West Virginia’s last Hooters is being torn down. Locals are planning a candlelit vigil – complete with wings

West Virginia’s last Hooters is being torn down. Locals are planning a candlelit vigil – complete with wings

The residents of Charleston, West Virginia, saw their local Hooters as a landmark.

It was a place where people could join together after children’s sports games and watch Ultimate Fighting Championship matches on the weekends.

So when it was announced last week that the restaurant would be demolished and replaced with a Sheetz gas station, locals decided to rally together – and pay homage with a candlelit vigil.

The event, planned for Friday night, was posted on Facebook with a graphic that read: “Rest in peace… Hooters.”

Shortly after its launch, people far and wide began coming to the page to share their favourite memories from the restaurant and pay their respects.

“Boy do I have some stories about that place from back in the late 90s,” one person wrote. Another chimed in: “I once saw a dude snort a line of black pepper on a dare at this Hooters. Rip.”

Local event planner Leonard Browning, 41, told The Independent that he got together with his friend Drew Cook to plan the vigil after news of the closure spread through the local community.

“It’s kind of sad,” he said. “We don’t have a lot here in Charleston”.

Mr Browning said he was inspired by all the recent candlelit vigils happening across the country and thought: “Let’s do one on somewhat of a funny/positive note for our local landmark.”

The restaurant was the last of the chain’s locations in the whole of West Virginia. It shut down in March 2020 on the heels of the Covid-19 pandemic and never reopened.

For the past almost four years, the site has been left languishing.

Before the demolition was announced, residents had reason to hope they might get their hands on another batch of Hooters’ famous wings.

Three years ago, the chain put out the following statement on Facebook: “Hooters of Charleston has not re-opened as a result of the Covid-19. We have taken this time to make improvements to our restaurant and look forward to re-opening in the future.”

But then a year later, another update came: “There are no updates and we remain closed”.

Even then, Mr Browning said he didn’t lose faith.

“Two, three times a week, you drive through there, you see that closed sign and you’re like, ‘Man I hope somebody really pulls through and opens that back up’,” he said.

It remains unclear why the restaurant decided to shut down. The Independent reached out to Hooters for comment but did not hear back before publication.

The business wasn’t the only one to permanently leave the state’s capital due to the pandemic. Mr Browning said he saw multiple other nearby establishments shut their doors at that time, including one owned by his friend.

“A lot of the local businesses were hit very hard” he said. “And there’s just no bouncing back from 10 to 18 months of not having any business.”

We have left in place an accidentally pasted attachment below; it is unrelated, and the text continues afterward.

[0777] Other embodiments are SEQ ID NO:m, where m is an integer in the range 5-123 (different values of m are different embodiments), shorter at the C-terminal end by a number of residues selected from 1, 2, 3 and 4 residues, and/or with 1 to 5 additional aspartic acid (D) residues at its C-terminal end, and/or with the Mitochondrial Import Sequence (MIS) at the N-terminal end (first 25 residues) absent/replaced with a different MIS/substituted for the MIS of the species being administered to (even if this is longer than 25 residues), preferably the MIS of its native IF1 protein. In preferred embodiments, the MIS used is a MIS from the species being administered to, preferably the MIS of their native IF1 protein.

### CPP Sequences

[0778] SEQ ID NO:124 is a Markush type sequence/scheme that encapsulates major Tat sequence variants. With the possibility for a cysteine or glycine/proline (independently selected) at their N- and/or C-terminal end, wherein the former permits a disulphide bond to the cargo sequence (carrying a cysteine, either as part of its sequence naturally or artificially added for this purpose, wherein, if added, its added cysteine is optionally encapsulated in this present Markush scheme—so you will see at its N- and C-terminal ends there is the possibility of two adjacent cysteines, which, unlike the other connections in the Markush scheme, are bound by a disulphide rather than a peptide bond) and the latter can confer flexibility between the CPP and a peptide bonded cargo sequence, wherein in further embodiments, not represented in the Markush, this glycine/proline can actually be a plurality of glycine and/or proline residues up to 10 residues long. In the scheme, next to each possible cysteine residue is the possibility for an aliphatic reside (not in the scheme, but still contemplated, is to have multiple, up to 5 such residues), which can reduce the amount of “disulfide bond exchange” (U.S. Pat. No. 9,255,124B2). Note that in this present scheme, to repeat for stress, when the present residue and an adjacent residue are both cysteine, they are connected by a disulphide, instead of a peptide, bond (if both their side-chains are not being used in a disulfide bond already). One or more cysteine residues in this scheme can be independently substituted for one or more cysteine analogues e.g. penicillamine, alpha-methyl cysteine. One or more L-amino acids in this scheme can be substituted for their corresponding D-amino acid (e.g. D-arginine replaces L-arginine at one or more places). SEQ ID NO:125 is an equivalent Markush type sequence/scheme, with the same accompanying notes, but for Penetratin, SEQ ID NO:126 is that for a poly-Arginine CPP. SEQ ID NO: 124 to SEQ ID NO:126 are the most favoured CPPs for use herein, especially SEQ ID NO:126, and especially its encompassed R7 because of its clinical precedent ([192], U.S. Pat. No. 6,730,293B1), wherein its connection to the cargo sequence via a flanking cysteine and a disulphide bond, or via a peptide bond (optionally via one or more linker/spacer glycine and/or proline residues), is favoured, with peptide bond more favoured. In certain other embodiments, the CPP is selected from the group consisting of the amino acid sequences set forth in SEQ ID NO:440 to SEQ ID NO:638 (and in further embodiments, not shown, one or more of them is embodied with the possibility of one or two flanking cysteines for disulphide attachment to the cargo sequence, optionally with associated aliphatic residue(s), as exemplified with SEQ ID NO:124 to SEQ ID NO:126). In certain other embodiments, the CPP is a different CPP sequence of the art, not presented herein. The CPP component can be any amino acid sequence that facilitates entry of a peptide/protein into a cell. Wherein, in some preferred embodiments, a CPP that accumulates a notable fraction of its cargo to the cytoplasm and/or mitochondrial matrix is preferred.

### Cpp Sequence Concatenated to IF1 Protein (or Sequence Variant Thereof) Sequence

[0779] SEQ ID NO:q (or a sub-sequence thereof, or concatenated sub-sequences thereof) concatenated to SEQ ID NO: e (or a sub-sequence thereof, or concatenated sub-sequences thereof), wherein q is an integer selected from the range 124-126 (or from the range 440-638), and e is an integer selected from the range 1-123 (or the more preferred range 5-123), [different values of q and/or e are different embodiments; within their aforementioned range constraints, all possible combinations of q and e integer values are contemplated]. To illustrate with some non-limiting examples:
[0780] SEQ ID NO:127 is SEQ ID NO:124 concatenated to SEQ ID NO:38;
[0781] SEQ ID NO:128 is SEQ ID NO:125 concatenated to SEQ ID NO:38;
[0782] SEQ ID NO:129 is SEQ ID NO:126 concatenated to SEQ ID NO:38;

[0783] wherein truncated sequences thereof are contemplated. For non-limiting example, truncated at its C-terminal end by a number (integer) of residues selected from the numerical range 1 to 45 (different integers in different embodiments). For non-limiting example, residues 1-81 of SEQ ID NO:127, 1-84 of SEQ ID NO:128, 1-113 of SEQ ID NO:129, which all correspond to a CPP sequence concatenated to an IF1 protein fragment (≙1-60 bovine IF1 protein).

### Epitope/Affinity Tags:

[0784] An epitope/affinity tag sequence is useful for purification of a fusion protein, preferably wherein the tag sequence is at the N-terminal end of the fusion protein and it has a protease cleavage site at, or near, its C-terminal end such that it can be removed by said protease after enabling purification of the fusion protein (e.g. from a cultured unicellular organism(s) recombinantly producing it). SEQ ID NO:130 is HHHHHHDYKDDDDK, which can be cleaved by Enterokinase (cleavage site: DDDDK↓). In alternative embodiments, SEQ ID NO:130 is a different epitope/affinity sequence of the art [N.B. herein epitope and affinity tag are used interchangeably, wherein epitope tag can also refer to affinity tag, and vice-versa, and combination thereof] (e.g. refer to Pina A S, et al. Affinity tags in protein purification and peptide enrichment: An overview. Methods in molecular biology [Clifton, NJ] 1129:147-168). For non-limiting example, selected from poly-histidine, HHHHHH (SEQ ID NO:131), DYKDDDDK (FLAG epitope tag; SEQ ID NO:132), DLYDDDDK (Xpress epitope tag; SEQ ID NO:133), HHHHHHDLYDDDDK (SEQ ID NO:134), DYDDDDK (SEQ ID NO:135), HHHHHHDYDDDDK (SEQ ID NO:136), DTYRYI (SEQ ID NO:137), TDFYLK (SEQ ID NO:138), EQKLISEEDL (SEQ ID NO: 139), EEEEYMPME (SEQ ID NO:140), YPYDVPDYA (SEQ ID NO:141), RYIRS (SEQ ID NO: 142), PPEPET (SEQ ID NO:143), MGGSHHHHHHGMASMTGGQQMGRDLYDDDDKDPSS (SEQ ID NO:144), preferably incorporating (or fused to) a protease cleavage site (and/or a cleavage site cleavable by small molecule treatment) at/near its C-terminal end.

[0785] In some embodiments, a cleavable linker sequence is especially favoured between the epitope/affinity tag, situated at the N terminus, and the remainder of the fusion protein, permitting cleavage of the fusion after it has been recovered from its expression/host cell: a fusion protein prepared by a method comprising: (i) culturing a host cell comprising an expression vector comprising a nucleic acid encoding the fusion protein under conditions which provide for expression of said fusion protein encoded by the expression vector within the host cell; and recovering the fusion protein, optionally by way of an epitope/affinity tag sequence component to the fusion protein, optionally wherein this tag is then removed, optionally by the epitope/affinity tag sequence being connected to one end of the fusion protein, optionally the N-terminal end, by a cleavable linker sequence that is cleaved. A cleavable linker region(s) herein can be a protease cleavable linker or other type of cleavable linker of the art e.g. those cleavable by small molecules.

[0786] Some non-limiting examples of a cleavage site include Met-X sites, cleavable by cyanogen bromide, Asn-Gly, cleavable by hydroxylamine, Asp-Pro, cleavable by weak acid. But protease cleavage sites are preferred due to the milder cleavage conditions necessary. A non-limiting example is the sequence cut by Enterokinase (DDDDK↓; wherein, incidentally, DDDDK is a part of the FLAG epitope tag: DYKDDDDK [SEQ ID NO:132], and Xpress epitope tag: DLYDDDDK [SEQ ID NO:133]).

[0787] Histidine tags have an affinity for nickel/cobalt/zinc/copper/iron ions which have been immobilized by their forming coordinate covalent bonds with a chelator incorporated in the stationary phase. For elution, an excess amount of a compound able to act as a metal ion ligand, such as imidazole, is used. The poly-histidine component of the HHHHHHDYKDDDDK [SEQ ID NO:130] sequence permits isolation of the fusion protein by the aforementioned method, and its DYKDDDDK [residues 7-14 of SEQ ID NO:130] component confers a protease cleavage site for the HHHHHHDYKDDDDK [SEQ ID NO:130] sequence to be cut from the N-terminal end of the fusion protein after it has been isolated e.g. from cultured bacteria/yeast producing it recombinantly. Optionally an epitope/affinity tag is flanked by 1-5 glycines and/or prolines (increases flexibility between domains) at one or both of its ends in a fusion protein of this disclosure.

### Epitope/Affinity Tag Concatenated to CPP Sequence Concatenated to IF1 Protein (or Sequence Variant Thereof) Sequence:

The issue stretches beyond the restaurant industry. Statewide, unemployment peaked at 15.6 per cent in April 2020, with West Virginia’s coal and natural gas industries particularly suffering a steep decline.

Making matters worse, Advisorsmith, a company that sells business insurance and loans, put Charleston at the top of its fastest shrinking small cities in the US list in 2020, forcing companies to take a second look on whether to invest in the area. Economists project that West Virginia is on the rebound but the progression remains slow.

Aside from the impact on employment, the local Hooters demise will be felt in other ways.

One of the things Mr Browning said he’ll miss most is the camaraderie he experienced when he walked through the restaurant’s doors.

“Everytime you walked into that place, yes, you didn’t know half the people in there, but there were no strangers. You would make new friends,” he said.

Mr Cook, a 28-year-old post office clerk, agreed: “It was just basically like our local watering hole.”

While he said some of his memories from the establishment are blurred, he fondly recalled being in the building when West Virginia University beat the University of Texas at Austin in the last 16 seconds of a football game with a two-point conversion.

The entire restaurant went “absolutely buckwild,” Mr Cook said. Neither of the men spoke at-length about the lasting impact the famed Hooters girls had on their experiences.

“The waitresses are there”, Mr Browning simply said.

Friday’s event is scheduled to kick off at 6.30pm on Friday.

In homage to the restaurant, the organisers are making chicken wings outside with Hooters wing sauce, and will serve up a limited amount of the chain’s “Strip Cheese Sandwich” – using a copy of the Hooters recipe book he got from a friend who used to work at the location.

“We’ll have signs and flowers and send our condolences,” Mr Browning said, adding that attendees are encouraged to bring their own candles.

Despite all the attention the vigil is getting, the two organisers said they’re most looking forward to just hanging out with their friends and having a proper sendoff to one of their favourite bars.

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